The credo of the Telekom Street Gigs is to bring bands and artists to places where you wouldn’t necessarily expect live concerts. In the past there have been showcases of Ed Sheeran on a mountaintop with an Alpine panorama or Simple Plan in a corn maze.

    In the case of the Kassel band Milky Chance, who performed on June 22, 2022 as the opening of the Greentech Festival in Berlin, the venue itself was not necessarily unusual: The Berlin power plant near the Heinrich-Heine-Straße underground station is a a former thermal power station built in the early 1960s, which now regularly hosts events. However, these are rarely assigned to pop.

    Compared to other, more ordinary venues, the power station also plays a role in reception that cannot be neglected. The old, industrial hall with its nesting and struts has a gloomy atmosphere that contributes an important part to the concert experience – it was no different with Milky Chance that evening. The band’s lighting design took into account the geometric conditions of the surroundings: simple, horizontal LED lines, reduced, minimalistic and largely in a timeless synth-pop aesthetic.

    Acoustically, the power plant is quite a challenge for transparent pop sounds. Especially when both singer Clemens Rehbein and guitarist Antonio Greger reach for their e-guitars, the sound becomes very dense — we are in an environment that favors clouds of sound and booming bass drums.

    Milky Chance, says Rehbein (who alternates between German and English announcements that evening), are actually relatively tired and drained. Not without reason: They’ve just returned from the US, where they’ve played several shows — most recently in Colorado on June 19, 2022 (to go with their 2021 single ¶Colorado¶, which is also on the setlist tonight). You don’t notice the jet lag in these 75 minutes or so – but of course Milky Chance have long been professionals. She has toured the USA several times and appeared in shows by Jimmy Kimmel and Kelly Clarkson. Things are going well in Germany too: the audience at the power plant is enthusiastic right from the start.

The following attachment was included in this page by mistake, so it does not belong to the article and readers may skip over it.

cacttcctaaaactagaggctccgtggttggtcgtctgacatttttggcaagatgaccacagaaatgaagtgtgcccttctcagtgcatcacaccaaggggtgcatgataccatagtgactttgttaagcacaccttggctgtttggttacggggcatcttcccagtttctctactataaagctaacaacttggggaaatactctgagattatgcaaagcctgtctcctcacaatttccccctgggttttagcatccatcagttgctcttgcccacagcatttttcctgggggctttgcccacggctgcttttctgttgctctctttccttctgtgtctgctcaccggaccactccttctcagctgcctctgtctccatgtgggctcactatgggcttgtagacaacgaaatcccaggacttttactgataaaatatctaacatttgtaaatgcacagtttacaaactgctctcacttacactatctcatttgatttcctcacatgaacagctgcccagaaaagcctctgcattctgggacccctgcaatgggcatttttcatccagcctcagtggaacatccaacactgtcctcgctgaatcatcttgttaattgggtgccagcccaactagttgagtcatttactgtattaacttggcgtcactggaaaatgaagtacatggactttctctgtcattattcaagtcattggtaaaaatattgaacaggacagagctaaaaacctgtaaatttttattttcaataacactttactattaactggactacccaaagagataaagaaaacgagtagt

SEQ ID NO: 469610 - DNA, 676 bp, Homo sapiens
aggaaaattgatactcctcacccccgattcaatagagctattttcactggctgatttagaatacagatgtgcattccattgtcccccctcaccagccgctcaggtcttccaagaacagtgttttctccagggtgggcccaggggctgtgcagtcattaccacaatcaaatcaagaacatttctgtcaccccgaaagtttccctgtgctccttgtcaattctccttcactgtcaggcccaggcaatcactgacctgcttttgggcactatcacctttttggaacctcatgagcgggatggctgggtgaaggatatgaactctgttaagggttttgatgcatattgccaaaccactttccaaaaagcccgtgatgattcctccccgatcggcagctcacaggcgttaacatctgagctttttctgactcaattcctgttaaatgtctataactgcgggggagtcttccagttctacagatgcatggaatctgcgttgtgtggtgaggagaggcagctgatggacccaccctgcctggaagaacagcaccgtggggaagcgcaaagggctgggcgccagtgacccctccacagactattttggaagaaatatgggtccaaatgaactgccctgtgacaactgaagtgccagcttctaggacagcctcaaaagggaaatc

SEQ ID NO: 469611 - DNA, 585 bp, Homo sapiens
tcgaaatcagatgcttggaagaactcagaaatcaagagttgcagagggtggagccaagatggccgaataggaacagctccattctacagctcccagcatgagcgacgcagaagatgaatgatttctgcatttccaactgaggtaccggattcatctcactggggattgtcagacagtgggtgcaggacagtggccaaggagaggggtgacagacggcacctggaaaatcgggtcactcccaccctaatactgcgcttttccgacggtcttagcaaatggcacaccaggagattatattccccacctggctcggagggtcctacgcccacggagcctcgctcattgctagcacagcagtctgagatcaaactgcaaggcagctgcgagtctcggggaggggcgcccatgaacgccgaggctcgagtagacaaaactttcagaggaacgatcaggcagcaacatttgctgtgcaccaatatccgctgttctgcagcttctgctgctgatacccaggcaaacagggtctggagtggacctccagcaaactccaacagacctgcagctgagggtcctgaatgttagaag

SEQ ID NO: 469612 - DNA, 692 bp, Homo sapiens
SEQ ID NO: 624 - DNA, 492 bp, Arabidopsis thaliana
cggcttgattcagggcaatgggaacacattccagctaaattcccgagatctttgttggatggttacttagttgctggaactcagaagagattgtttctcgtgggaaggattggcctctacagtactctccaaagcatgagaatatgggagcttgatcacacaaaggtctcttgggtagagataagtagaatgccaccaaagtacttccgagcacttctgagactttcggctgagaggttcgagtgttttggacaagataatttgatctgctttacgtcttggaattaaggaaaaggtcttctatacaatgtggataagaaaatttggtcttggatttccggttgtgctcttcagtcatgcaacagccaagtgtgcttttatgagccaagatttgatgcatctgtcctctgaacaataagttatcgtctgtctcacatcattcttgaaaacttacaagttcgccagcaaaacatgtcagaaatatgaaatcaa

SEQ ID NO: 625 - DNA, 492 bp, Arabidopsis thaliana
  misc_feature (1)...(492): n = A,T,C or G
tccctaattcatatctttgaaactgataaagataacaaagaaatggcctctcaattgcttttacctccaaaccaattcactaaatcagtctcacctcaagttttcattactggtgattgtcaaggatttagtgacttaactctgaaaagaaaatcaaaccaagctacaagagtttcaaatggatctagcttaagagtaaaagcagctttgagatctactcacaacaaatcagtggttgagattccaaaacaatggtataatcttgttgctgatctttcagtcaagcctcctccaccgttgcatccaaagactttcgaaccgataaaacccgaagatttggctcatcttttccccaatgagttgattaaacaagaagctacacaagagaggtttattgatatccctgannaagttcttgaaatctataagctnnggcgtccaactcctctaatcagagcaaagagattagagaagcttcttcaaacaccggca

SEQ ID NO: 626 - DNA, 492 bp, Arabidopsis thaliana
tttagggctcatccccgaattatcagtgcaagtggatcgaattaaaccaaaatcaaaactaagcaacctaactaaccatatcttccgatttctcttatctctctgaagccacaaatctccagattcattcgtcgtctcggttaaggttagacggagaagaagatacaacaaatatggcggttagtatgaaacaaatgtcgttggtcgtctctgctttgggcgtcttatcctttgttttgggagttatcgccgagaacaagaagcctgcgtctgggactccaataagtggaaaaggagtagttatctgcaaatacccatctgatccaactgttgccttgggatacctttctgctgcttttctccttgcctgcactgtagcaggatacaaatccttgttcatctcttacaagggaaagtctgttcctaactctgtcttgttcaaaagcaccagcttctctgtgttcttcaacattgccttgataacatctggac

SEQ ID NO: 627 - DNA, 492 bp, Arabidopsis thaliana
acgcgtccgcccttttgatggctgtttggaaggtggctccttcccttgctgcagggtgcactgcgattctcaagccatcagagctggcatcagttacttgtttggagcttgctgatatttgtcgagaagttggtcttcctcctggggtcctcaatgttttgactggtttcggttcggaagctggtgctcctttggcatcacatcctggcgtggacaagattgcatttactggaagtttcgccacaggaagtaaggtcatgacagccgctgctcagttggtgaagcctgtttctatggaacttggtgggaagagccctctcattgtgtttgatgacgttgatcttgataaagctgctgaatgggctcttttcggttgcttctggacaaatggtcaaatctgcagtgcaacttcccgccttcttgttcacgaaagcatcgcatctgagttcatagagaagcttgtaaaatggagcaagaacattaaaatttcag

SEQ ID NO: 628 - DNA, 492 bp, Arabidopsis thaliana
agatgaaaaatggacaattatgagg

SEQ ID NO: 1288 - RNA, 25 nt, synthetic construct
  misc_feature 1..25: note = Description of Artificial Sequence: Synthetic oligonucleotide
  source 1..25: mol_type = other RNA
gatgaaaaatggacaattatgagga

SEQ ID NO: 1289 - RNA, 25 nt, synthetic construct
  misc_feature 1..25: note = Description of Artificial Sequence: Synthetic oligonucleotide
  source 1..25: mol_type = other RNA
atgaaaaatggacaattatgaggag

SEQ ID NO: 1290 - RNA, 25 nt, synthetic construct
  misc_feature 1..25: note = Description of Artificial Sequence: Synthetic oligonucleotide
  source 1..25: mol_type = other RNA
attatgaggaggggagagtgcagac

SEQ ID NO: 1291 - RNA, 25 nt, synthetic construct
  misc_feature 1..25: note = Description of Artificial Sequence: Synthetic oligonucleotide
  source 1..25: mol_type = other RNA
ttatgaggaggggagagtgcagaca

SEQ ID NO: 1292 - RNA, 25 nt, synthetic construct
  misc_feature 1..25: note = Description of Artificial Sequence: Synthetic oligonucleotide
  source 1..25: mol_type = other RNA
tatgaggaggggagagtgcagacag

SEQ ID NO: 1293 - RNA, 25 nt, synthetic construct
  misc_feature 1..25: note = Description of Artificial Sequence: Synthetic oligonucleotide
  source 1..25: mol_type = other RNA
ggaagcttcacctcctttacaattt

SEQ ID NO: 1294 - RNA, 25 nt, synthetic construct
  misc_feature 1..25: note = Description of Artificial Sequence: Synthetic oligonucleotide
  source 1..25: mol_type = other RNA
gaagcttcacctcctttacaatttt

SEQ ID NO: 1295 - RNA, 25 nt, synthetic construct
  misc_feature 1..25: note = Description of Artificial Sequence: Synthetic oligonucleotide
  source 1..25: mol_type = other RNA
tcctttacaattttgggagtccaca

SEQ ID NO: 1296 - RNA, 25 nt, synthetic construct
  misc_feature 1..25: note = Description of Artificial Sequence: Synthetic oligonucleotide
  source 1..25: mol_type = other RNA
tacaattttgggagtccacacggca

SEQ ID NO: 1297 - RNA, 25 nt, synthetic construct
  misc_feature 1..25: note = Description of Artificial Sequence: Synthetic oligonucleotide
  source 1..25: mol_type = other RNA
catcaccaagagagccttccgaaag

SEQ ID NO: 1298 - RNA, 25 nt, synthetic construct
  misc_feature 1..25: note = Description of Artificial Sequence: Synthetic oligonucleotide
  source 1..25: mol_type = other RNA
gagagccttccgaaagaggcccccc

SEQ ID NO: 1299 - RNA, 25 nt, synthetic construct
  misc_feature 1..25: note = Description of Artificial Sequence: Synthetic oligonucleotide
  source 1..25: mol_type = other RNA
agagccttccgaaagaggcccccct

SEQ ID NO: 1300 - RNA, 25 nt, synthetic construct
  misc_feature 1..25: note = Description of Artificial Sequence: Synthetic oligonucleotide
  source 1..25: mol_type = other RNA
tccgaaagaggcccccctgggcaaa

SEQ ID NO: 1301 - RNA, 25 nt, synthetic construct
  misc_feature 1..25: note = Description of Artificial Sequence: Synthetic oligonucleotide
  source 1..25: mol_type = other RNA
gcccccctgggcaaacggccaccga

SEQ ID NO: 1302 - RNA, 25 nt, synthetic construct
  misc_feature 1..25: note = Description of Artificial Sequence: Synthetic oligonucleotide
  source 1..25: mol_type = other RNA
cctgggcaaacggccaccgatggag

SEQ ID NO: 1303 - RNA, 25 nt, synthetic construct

The fact that Milky Chance have an atmospheric note in their music (which many call folktronica, but it would definitely pass for pop) is apt given the location — and the band also skilfully exploits the dynamics dramaturgically. In the piece “Loveland” that evening, the folk part of their DNA is put in the foreground, acoustic guitar and harmonica characterize the song. One of the highlights is the aforementioned “Colorado”, in which the LCD wall suggests a sea of ​​lights. This is then followed by “Flashed Junked Mind”, great straight forward indie pop. This is followed by “Stolen Dance”, the piece with which the group attracted international attention on YouTube in 2013.

    The band returns for three encores that night: “Ego” followed by “Running”. Everything rears up for the grand finale, the quarter bass drum takes the lead and stoically drives forward. “To give up now?” sings Rehbein over and over again. Before you suspect that the climax of the piece would also be the swan song of the evening, Milky Chance up the ante again — with the carefree, sunny track “Sweet Sun”. “We were 1969 / We were Jimmy and Janice / We are the prophets of the sails / We chose the way of dimension / We are caught up from the amount of the frenetic love tension,” it says.

    In addition, the hi-hat plays that disco beat that defined indie rock of the 2000s, in the background the rhythm guitar is clean and funky, once again the harmonica comes into the limelight – a colorful hustle and bustle, in which the LEDs also come into their own Finale shines in many colors. It’s only fitting that Milky Chance end on a sunny track, as the sun is still shining as the audience exits the power station. A beautiful opening of a special festival that you you can learn more here.

    Deutsche Telekom/Markus Nass

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